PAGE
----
"the movement is possibly best known for their voting on the authenticity of
Jesus' sayings according to probability.
Different coloured beads are used
in the voting corresponding to each level (of authenticity).
Red - Jesus
did say this.
Pink - Jesus probably did say this.
Gray - possibly his
idea but not his words
Black indicates that Jesus did not say this."
By this method the Jesus seminar managed to reduce the “true sayings of Jesus” to only 20 % of those recorded in the Bible. The principles of sound research method would decry the use of such a method as unscientific. Indeed, the opinion of peers, even supposedly expert opinion, is considered a source of non-scientific data.
For many the historical Jesus debate is a reinterpretation of scripture which began in the primordial soup of Existentialism. It has taken root in the fertile soil of our postmodernist culture, and reconciles religion seamlessly with evolution. It places mankind back at the centre of his universe. One only has to browse the bookshelves of secular book-stores to see how pervasive interest is in the movement.
Contributions to the debate
Australia’s most vocal contributor to the thinking in the movement has been John Shelby Spong. Whilst rejected as heretical by most evangelical Christians, his message of “tolerance” and a new Jesus has won him the support of many disgruntled churchgoers.
His theology is clearly seen from the titles of his books;
“Rescuing the Church from Fundamentalism.”
“ A new Christianity for a new world.”
“Why Christianity must change or die.”
“Born of a woman.”
He consistently denies the biblical record, does not believe in the virgin birth or the deity of Christ. He is not alone. In the same manner, revisionist writer Geza Vanes contributed “ The Authentic Gospel of Jesus”.
Less well known is the work of Barbara Thierny, Jesus the Man. According to the precis of her book she comes to the conclusion that Jesus;
1. married Mary Magdalene and fathered a family
2. was crucified on the cross, but did not die on the cross and was revived later in the cave.
3. Was born out of wedlock to a betrothed and thus officially “virgin” woman
4. Was rejected by his strict Jewish religious sect for his actions in promoting the rights of the poor, the sick and the gentiles.
Interestingly her methodology relies on reading hidden meanings from the text and probably would make a good case study on hermeneutics. Even further out on the fringe is the work of Kersten Holger, titled Jesus lived in India; his unknown life before and after the crucifixion. According to Holger Jesus;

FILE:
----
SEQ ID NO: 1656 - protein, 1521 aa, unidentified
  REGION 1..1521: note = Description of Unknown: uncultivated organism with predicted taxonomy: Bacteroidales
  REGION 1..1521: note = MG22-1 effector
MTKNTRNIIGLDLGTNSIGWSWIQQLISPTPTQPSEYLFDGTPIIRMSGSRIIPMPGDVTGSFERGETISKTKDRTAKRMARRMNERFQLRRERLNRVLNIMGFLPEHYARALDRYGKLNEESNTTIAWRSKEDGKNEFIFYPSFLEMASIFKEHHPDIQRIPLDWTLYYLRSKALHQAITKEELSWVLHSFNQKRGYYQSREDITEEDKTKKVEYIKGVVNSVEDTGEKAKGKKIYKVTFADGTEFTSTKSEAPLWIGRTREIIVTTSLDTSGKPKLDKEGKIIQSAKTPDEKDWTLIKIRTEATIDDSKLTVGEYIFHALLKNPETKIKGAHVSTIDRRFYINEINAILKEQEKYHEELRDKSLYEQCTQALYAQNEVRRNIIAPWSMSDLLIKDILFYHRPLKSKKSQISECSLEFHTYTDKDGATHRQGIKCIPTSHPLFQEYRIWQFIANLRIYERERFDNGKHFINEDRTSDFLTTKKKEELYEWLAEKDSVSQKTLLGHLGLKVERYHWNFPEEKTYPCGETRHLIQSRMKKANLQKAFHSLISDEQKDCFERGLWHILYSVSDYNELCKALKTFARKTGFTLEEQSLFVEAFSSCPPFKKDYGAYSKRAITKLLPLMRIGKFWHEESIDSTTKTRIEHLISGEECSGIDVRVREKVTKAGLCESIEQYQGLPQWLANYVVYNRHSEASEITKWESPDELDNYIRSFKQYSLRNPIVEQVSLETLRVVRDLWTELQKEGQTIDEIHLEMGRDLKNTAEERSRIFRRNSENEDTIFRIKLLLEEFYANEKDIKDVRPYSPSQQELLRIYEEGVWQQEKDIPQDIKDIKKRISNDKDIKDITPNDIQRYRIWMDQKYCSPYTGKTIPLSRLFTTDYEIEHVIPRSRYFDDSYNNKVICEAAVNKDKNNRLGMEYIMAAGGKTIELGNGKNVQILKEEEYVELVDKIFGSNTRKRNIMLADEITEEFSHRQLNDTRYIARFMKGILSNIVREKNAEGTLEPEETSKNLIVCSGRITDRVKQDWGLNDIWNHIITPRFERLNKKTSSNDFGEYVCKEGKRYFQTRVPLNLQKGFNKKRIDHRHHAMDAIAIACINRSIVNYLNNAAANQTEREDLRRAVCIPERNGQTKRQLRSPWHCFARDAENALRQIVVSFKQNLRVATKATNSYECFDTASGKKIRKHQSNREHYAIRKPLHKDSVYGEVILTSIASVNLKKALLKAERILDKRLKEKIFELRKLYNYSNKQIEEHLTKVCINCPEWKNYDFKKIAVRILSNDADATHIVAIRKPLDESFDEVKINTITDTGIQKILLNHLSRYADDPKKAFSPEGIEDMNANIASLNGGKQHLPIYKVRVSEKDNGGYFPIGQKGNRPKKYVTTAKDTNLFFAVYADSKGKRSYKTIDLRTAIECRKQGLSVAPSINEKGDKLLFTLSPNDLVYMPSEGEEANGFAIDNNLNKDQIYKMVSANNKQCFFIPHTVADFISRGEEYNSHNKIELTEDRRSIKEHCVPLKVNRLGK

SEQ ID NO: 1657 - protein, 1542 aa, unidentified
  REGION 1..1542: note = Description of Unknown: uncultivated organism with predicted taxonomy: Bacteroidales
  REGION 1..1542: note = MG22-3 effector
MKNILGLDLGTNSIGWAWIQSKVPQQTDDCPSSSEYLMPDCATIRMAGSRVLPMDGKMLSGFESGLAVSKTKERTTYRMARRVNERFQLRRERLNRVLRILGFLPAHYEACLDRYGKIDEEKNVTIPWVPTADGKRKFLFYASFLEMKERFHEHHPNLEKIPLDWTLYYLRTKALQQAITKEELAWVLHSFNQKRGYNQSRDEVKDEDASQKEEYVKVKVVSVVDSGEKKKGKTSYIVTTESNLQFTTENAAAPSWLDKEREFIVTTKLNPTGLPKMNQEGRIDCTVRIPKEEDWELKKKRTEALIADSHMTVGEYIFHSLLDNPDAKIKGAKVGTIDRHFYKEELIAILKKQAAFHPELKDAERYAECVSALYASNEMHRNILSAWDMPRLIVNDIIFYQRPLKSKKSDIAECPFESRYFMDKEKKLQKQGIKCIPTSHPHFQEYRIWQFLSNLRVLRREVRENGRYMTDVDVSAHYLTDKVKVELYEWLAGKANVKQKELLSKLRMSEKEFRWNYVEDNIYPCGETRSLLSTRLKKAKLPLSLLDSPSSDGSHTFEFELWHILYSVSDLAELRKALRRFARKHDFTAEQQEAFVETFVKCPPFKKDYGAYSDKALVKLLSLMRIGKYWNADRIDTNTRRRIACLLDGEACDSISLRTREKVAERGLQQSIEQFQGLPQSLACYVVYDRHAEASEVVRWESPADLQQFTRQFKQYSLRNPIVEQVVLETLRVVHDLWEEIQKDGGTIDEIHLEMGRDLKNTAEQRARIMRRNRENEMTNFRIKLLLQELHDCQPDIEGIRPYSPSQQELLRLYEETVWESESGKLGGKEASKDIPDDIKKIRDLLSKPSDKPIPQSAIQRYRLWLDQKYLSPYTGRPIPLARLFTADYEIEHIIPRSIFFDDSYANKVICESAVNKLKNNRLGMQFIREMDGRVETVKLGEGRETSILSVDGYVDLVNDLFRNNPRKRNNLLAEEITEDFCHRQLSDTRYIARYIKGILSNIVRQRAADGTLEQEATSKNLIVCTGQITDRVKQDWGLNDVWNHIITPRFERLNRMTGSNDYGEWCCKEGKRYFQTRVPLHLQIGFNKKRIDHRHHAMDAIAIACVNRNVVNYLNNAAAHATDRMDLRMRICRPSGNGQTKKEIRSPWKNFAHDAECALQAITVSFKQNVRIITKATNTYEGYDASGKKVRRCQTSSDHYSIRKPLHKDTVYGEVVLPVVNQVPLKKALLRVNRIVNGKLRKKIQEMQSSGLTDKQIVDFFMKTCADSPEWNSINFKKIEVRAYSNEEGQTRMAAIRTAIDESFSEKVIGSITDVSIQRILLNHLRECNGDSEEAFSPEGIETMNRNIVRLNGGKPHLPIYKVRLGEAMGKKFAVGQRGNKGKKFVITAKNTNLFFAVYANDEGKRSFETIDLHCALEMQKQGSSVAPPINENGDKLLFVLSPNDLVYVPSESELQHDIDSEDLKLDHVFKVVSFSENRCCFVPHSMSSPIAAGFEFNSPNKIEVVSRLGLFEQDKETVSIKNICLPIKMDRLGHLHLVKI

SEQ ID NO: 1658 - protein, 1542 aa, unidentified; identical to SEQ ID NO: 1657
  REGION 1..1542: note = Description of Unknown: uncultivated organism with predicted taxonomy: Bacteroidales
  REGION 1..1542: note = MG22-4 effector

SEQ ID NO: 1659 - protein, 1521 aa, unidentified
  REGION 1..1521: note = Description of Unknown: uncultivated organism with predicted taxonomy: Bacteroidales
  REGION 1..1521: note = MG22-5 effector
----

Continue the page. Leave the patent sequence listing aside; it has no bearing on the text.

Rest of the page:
1. Is buried in Kashmir.
2. In the later part of his life adopted Buddhism.
3. After his resurrection Jesus returned to Kashmir where he died at an old age.
What is key to this debate is to see that what we are dealing with is neither new or unexpected. Nothing takes God by surprise. Since the dawn of time the enemy of all Christians has been taking what God originally made and substituting it with his own fake. In this case Gods wisdom is substituted by worldly “commonsense”, which really is no sense at all when viewed in the light of the supernatural subject matter. There is nothing new under the sun.
The heresy of Apollinarianism in the late fourth Century tried to make Christ out to be only part God and part man.
Docetism argued that Christ had somehow only the semblance of humanity and deity and was in nature was an unreal figure.
Arianism which argue that Christ was a created being and therefore not part of the Godhead is most visibly embodied in the teaching of Jehovah’s witnesses today.
Various other heresies argued that Christ had two natures running side by side, or that Christ was a hybrid new creature, a blend of divine and mortal.
Origen, in his work On first principles argues for the deity of Jesus by demonstrating that Christ is pre-eminent and pre-existent even over creation. He quotes as his argument the writing and testimony of Paul.
He is the image of the invisible God, the firstborn over all creation. 16
For by him all things were created: things in heaven and on earth, visible and